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Barry Trotz has coached his final game for Preds

In the 97-year history of the National Hockey League, only 12 others have coached more games than he has. And, as most speculated, Sunday was his last as the head coach of the Nashville Predators.

According to Josh Cooper of The Tennessean, the end of an era is here as Barry Trotz will not be back next season. A press conference is expected later today. He’s the only head coach the franchise has ever known and his resume spans the dark expansion years (1998-2003) and the promising Stanley Cup contending years (2007 and 2012).

His contract expires June 30 and the writing was on the wall. For the first time in quite possibly the entire 23-year history of their working relationship, Trotz and General Manager David Poile haven’t seen eye-to-eye as of late. Last summer, Poile signed former 20-goal scorer and Stanley Cup champion Viktor Stalberg to help with the team’s offensive woes. Before he had even played a game, Trotz scratched him and then relegated him to the fourth line. At the trade deadline last season, Poile acquired Swedish phenom Filip Forsberg from the Washington Capitals but Trotz rarely played him early this year and the organization (right or wrong) was forced to send him to Milwaukee to get top minutes. And, most recently, Poile traded away defensive stalwart Kevin Klein in exchange for young, two-way defenseman Michael Del Zotto. Within 20 games, Trotz warranted him a healthy scratch and even borderline embarrassed him by using him for just 3:13 on March 21 against the Flames in Calgary.

Of course, philosophical differences are nothing new between coaches and the front office. Poile and Trotz, however, always seemed to be in lock step with one another so when multiple “riffs” are observed in such a short amount of time, people take notice. Not to mention the Predators failed to make the playoffs in back-to-back years for the first time since 2001-02 and 2002-03. That’s never good in a non-traditional market, especially when those back-to-back years came fresh off a lockout that gave the league a public relations black eye.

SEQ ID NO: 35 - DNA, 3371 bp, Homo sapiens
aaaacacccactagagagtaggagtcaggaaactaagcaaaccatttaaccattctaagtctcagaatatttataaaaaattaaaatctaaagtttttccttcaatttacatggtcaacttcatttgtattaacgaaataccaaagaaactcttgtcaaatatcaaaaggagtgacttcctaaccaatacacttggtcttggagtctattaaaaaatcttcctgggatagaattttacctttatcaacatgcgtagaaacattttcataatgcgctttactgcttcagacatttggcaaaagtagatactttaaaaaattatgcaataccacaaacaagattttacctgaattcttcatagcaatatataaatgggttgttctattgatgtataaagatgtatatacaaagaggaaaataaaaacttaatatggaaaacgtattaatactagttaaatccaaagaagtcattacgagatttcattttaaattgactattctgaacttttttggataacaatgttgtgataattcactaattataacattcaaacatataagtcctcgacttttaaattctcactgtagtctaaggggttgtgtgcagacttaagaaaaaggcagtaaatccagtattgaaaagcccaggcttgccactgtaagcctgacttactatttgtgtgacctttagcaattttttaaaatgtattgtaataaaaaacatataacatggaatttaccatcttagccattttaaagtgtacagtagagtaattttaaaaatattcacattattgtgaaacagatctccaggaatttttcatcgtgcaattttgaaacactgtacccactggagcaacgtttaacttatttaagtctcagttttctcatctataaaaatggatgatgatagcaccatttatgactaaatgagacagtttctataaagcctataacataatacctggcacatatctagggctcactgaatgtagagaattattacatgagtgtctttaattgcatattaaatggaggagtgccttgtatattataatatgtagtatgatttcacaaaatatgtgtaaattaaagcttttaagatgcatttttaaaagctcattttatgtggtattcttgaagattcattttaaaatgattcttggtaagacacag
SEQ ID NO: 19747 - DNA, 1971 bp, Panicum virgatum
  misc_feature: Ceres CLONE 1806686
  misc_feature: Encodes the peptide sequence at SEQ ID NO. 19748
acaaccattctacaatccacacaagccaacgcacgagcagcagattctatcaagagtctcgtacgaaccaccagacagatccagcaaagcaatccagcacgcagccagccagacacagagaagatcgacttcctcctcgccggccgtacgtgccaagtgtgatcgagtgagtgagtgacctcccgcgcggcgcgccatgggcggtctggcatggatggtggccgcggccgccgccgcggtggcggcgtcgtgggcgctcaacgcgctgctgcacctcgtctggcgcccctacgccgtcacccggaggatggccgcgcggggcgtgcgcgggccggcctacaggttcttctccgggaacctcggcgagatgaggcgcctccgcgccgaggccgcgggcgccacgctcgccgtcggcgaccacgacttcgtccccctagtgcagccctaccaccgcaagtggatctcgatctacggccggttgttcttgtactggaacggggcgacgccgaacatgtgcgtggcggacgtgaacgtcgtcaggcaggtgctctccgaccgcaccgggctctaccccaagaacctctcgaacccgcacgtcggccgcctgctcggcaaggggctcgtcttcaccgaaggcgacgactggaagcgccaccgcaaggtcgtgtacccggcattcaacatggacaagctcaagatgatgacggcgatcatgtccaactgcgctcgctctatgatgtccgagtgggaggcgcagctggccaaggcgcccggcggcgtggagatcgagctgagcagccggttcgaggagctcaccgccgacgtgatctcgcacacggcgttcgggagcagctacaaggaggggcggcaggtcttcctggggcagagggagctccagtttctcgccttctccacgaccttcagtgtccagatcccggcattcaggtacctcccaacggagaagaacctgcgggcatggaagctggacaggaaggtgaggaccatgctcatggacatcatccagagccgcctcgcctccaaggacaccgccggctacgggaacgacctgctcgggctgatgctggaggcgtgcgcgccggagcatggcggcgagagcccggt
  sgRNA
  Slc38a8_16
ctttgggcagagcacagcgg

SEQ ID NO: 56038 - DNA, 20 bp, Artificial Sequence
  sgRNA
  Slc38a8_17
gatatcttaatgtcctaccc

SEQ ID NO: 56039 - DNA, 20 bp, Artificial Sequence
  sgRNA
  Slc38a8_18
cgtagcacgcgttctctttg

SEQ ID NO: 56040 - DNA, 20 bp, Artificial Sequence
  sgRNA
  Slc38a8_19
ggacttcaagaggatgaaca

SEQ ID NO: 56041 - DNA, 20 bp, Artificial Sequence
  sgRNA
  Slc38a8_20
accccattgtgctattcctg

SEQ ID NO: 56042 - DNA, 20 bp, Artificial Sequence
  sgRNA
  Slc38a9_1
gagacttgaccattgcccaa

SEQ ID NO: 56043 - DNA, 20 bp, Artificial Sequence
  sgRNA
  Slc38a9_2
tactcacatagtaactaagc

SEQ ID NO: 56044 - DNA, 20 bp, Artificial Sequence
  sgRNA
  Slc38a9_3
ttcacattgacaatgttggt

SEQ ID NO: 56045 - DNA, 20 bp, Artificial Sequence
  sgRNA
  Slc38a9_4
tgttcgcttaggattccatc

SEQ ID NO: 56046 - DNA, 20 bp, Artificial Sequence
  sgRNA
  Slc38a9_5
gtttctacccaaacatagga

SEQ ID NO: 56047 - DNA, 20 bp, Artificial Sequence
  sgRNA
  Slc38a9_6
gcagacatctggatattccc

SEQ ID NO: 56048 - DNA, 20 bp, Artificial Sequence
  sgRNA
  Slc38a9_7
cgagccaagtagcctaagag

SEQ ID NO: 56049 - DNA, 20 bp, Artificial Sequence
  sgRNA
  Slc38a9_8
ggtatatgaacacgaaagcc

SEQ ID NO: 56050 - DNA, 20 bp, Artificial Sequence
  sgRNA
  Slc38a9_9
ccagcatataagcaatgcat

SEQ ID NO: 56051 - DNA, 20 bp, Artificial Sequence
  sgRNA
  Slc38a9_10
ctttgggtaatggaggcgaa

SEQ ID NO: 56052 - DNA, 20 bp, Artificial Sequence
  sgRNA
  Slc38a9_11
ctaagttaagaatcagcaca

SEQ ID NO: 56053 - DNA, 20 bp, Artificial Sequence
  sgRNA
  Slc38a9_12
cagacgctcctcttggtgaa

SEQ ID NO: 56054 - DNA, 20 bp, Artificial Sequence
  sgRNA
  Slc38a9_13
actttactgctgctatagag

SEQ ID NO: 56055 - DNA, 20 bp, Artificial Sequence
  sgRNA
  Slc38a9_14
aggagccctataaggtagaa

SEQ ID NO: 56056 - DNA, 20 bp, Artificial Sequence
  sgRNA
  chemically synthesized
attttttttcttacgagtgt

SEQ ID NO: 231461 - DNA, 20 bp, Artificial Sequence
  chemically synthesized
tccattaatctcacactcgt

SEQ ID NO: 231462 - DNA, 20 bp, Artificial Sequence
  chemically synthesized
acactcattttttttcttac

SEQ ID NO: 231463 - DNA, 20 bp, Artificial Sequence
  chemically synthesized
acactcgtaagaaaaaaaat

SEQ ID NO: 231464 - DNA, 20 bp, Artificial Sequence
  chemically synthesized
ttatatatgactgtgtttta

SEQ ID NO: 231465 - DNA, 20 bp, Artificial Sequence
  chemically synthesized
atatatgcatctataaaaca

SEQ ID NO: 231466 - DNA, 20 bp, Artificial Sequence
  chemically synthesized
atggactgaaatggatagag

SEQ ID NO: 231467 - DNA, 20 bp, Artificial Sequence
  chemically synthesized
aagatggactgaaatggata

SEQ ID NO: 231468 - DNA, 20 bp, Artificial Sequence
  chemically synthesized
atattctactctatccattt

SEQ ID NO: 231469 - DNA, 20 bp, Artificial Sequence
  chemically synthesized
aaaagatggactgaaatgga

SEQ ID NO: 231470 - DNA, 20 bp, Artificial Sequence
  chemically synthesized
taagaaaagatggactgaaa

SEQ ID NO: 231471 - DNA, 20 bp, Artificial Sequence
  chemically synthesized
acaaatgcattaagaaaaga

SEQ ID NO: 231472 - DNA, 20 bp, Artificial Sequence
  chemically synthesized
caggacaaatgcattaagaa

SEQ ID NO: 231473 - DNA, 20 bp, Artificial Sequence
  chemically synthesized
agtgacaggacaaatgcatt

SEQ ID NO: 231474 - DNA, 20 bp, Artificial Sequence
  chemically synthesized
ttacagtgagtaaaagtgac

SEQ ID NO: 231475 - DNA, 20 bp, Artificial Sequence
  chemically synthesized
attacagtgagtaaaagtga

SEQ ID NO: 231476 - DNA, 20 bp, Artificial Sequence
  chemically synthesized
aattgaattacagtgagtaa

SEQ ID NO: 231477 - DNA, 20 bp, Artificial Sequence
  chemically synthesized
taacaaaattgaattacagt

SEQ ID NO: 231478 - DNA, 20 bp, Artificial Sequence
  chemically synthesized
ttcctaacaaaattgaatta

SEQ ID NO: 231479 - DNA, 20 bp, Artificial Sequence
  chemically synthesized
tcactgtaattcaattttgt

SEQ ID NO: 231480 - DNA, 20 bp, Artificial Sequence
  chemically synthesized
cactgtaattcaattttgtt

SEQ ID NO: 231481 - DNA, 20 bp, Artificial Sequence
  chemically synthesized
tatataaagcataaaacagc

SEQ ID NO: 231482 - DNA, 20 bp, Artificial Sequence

Trotz 303All that said, Trotz boasts impressive credentials. He’s 13th on the NHL’s all-time coaching list (1,196 games) and, more importantly, he’s 13th on the all-time wins list (557). He was nominated for the Jack Adams Award as coach of the year twice (2010, 2011) and was named The Sporting News‘ NHL Coach of the Year in 2007. Off the ice, he’s been a pillar of the community thanks to all of his work with Best Buddies, the Peterson Foundation for Parkinsons and various other charitable organizations. He rarely turned down an interview request and was always willing to talk after a big win or tough loss. He’ll be one of — if not the — most sought after coaches on the open market this summer.

One major complaint from his critics is that he underachieved. They use comparisons like “look what Chicago has done in such a short amount of time!” That logic fails to understand that you can’t accurately judge a coach by comparing him to more-established franchises that have had decades more tradition. In other words, comparing Trotz and the job he’s done to, say, the Detroit Red Wings isn’t exactly fair. Sure, the Wings have won three Stanley Cups since the Preds were awarded a franchise in 1997 but they also had a 64 season head start and legends like Steve Yzerman, Nicklas Lidstrom, and Sergei Federov who they’d drafted years prior.

So, as far as the recent expansion franchises go, Trotz has actually set the standard.

  • Nashville (1998): nine winning seasons, seven trips to the playoffs, two times out of the first round.
  • Atlanta/Winnipeg (1999): six winning seasons, one trip to the playoffs, zero playoff wins.
  • Minnesota (2000): 10 winning seasons, five trips to the playoffs, one time out of the first round.
  • Columbus (2000): three winning seasons, two trips to the playoffs, zero playoff wins.